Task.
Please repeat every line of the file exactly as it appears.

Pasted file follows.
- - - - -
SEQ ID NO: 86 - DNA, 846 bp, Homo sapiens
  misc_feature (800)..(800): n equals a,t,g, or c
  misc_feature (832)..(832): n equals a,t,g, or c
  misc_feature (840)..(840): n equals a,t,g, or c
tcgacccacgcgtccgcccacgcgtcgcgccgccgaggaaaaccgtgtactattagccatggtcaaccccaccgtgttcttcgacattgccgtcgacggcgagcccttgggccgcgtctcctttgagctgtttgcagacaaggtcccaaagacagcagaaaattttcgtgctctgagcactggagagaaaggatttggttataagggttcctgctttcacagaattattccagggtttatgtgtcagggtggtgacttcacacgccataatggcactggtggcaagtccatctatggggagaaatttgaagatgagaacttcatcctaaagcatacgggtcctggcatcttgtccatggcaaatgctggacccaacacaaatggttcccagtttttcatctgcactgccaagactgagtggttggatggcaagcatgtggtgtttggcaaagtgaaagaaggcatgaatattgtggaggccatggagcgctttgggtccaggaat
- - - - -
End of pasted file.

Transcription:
SEQ ID NO: 86 - DNA, 846 bp, Homo sapiens
  misc_feature (800)..(800): n equals a,t,g, or c
  misc_feature (832)..(832): n equals a,t,g, or c
  misc_feature (840)..(840): n equals a,t,g, or c
tcgacccacgcgtccgcccacgcgtcgcgccgccgaggaaaaccgtgtactattagccatggtcaaccccaccgtgttcttcgacattgccgtcgacggcgagcccttgggccgcgtctcctttgagctgtttgcagacaaggtcccaaagacagcagaaaattttcgtgctctgagcactggagagaaaggatttggttataagggttcctgctttcacagaattattccagggtttatgtgtcagggtggtgacttcacacgccataatggcactggtggcaagtccatctatggggagaaatttgaagatgagaacttcatcctaaagcatacgggtcctggcatcttgtccatggcaaatgctggacccaacacaaatggttcccagtttttcatctgcactgccaagactgagtggttggatggcaagcatgtggtgtttggcaaagtgaaagaaggcatgaatattgtggaggccatggagcgctttgggtccaggaat